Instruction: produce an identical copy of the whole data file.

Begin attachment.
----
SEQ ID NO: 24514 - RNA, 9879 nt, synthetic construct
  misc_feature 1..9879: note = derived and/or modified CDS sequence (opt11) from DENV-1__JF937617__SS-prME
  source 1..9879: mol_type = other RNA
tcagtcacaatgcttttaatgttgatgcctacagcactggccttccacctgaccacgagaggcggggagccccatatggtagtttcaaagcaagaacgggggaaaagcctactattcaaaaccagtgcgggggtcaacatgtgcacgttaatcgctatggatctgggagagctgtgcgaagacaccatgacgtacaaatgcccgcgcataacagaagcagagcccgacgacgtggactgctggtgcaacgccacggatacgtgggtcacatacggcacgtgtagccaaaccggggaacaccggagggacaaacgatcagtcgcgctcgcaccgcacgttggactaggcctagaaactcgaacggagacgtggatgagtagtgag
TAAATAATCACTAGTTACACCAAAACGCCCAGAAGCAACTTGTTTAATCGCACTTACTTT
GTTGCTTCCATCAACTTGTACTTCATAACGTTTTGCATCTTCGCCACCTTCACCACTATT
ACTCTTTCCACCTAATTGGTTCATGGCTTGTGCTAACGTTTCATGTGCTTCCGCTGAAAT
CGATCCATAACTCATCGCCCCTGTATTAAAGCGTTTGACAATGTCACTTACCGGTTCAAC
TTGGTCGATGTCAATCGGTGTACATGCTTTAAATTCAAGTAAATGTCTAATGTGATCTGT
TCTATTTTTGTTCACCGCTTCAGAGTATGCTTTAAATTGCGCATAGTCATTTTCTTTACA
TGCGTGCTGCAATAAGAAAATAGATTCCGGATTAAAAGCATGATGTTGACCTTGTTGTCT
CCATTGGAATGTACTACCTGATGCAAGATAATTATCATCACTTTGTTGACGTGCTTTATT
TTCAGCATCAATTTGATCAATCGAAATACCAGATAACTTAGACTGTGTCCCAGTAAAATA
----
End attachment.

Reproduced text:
SEQ ID NO: 24514 - RNA, 9879 nt, synthetic construct
  misc_feature 1..9879: note = derived and/or modified CDS sequence (opt11) from DENV-1__JF937617__SS-prME
  source 1..9879: mol_type = other RNA
tcagtcacaatgcttttaatgttgatgcctacagcactggccttccacctgaccacgagaggcggggagccccatatggtagtttcaaagcaagaacgggggaaaagcctactattcaaaaccagtgcgggggtcaacatgtgcacgttaatcgctatggatctgggagagctgtgcgaagacaccatgacgtacaaatgcccgcgcataacagaagcagagcccgacgacgtggactgctggtgcaacgccacggatacgtgggtcacatacggcacgtgtagccaaaccggggaacaccggagggacaaacgatcagtcgcgctcgcaccgcacgttggactaggcctagaaactcgaacggagacgtggatgagtagtgag
TAAATAATCACTAGTTACACCAAAACGCCCAGAAGCAACTTGTTTAATCGCACTTACTTT
GTTGCTTCCATCAACTTGTACTTCATAACGTTTTGCATCTTCGCCACCTTCACCACTATT
ACTCTTTCCACCTAATTGGTTCATGGCTTGTGCTAACGTTTCATGTGCTTCCGCTGAAAT
CGATCCATAACTCATCGCCCCTGTATTAAAGCGTTTGACAATGTCACTTACCGGTTCAAC
TTGGTCGATGTCAATCGGTGTACATGCTTTAAATTCAAGTAAATGTCTAATGTGATCTGT
TCTATTTTTGTTCACCGCTTCAGAGTATGCTTTAAATTGCGCATAGTCATTTTCTTTACA
TGCGTGCTGCAATAAGAAAATAGATTCCGGATTAAAAGCATGATGTTGACCTTGTTGTCT
CCATTGGAATGTACTACCTGATGCAAGATAATTATCATCACTTTGTTGACGTGCTTTATT
TTCAGCATCAATTTGATCAATCGAAATACCAGATAACTTAGACTGTGTCCCAGTAAAATA